Clearly, the insured’s home day-care was a business under the policy. The issue was whether the parent injury arose out of the business of the day-care. Finding that the business exclusion applied, the court stated that the “arising out of” wording created “an expansive standard of causation between the incident giving rise to a claim for coverage and the insured’s business pursuits.” As a result, the court found that “arising out of” does not require a direct proximate causal connection but instead merely requires some causal relation or connection.”The court noted that operating a home day-care means that numerous people on a regular basis will be on the insured’s premises, increasing the risk that an injury on the premises will occur. Vermont Mutual Insurance Company v. Hebert, 3:16-CV-00034, 2017 WL 1091268 (D. Conn. 3/20/17).
Under Article 561 in the La. Code of Civil Procedure, a lawsuit can be dismissed when the parties fail to take a step in its prosecution or defense for three years. The step taken, if not formal discovery, should appear in the court’s record.In Allen v. Humphrey, 51,331 (4/5/17), the defendants moved to dismiss the intervention based on abandonment. But the intervenor argued that during the three-year period, the defendants acknowledged their obligation, interrupting the time period, by making this written settlement overture:I thought I would write once again to try to bring this matter across your desks. We would like to try to settle this case for the policy limit but [I] never received any instructions with respect to the resolution of the workers’ compensation claim. Please let me know if any progress has been made in that regard. Further, please let me know if there is anything we can do to push this matter forward.Finding that the letter was not an unconditional tender and thus not an acknowledgment, the Louisiana Second Court of Appeal finds that the case was abandoned.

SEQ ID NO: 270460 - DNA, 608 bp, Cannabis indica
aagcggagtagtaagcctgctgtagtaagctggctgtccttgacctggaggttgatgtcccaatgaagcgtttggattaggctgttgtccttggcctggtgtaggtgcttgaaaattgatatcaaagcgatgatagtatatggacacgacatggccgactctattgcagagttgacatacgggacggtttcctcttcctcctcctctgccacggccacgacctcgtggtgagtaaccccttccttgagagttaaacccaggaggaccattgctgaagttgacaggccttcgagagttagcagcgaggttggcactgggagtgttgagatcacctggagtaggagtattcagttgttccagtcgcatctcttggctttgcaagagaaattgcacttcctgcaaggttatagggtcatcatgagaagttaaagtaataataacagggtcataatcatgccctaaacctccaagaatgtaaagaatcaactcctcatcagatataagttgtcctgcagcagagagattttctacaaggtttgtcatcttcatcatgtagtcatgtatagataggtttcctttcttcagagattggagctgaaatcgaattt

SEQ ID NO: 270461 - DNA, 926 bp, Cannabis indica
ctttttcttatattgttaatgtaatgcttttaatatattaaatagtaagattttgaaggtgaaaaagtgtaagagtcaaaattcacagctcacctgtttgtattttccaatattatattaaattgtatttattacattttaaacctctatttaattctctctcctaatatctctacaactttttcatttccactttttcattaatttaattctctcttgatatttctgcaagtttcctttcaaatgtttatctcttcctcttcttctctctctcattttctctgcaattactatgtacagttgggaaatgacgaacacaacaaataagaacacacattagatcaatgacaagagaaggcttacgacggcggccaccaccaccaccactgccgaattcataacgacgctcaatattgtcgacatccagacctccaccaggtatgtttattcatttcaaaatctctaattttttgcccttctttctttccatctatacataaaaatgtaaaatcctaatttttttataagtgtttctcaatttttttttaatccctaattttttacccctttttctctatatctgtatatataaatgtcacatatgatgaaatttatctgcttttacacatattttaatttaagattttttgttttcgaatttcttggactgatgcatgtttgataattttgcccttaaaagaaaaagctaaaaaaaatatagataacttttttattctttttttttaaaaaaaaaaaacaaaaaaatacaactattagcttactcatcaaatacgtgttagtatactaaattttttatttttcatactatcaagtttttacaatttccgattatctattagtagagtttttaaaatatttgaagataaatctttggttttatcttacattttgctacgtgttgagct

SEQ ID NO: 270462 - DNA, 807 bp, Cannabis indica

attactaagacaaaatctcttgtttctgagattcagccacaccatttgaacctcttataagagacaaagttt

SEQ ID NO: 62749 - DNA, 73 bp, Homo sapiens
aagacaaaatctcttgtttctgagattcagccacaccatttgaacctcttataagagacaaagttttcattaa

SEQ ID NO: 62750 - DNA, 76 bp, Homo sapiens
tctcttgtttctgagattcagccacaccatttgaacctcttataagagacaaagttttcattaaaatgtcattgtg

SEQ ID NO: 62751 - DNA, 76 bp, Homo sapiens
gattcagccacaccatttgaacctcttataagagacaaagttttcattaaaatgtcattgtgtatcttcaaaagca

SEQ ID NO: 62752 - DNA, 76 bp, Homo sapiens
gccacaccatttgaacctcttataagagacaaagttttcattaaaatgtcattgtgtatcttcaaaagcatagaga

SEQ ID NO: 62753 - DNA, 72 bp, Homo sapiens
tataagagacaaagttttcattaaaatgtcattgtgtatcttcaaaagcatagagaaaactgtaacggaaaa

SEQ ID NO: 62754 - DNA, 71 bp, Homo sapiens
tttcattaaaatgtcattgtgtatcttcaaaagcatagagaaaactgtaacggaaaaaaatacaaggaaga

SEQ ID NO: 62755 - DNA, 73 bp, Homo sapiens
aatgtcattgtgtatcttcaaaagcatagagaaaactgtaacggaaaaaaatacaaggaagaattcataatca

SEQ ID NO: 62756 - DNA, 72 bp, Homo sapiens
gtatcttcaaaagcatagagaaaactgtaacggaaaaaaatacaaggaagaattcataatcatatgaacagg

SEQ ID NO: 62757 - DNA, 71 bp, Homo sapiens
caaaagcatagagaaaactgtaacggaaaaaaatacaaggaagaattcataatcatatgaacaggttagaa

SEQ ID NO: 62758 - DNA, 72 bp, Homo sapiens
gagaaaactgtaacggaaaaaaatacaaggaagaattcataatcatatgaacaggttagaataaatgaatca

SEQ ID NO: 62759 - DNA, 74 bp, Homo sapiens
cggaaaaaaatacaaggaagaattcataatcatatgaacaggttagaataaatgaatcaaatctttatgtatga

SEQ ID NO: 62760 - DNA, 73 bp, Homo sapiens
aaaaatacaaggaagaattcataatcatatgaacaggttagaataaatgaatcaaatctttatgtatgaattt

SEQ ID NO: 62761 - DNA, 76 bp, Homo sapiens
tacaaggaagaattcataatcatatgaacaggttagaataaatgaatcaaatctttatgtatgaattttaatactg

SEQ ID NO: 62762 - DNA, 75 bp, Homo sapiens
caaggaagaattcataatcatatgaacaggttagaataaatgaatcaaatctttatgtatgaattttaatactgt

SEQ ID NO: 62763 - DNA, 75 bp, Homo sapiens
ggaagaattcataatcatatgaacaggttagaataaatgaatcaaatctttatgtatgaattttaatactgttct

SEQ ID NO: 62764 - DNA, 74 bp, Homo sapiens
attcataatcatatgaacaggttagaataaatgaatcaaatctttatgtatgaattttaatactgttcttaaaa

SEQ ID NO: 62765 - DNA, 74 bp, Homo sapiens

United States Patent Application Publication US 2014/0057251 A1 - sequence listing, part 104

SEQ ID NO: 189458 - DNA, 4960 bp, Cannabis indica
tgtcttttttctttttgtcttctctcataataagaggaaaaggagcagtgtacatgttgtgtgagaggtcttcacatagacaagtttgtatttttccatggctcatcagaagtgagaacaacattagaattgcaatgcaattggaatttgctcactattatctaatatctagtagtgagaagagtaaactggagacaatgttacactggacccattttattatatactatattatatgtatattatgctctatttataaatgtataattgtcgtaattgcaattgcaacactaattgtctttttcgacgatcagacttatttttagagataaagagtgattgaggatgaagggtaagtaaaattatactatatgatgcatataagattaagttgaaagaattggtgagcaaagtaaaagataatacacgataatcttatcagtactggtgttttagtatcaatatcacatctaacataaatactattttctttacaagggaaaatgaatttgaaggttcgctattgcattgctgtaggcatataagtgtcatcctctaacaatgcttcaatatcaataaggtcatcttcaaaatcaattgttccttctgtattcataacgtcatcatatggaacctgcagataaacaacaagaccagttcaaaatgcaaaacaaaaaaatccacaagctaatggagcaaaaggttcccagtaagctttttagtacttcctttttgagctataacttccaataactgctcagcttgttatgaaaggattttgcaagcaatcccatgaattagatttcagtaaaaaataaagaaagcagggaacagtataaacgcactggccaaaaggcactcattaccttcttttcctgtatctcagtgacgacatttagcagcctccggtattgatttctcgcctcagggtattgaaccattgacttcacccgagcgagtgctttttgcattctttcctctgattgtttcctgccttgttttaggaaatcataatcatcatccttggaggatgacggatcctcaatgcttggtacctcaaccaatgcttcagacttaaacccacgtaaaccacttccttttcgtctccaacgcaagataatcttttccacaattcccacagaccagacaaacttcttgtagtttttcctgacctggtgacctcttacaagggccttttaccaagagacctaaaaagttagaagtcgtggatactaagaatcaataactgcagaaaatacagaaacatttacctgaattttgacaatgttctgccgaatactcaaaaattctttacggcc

Comparative Fault – Contracts
In a drilling-operations case involving many facts and issues, the Louisiana Third Circuit Court of Appeal finds that La. Civil Code Article 2323, which adopts a system of pure comparative fault for Louisiana, applies only to tort actions, not redhibition and other contract actions. The case notes that the Louisiana First and Second Circuits have held that Article 2323 does apply to redhibition actions, which are actions by the buyer of a defective product against the seller and manufacturer, but the Louisiana Fourth Circuit and two Louisiana federal district courts have reached a contrary result. The Third Circuit quoted at great length a fairly recent federal court ruling on the issue in Hanover Ins. Co. v. Plaquemines Parish Gov’t, 2015WL4167745 (E.D. La. 7/19/15), a case in which this writer was involved.
Note that the Louisiana Supreme Court has not ruled on this issue. A real possibility exists that the Supreme Court could grant writs in this case and decide the issue of whether Article 2323 applies to redhibition and contract actions; in these cases, the defense of failure to mitigate damages does apply. Justiss Oil Company v. Oil Country Tubular Corp., 15-1148.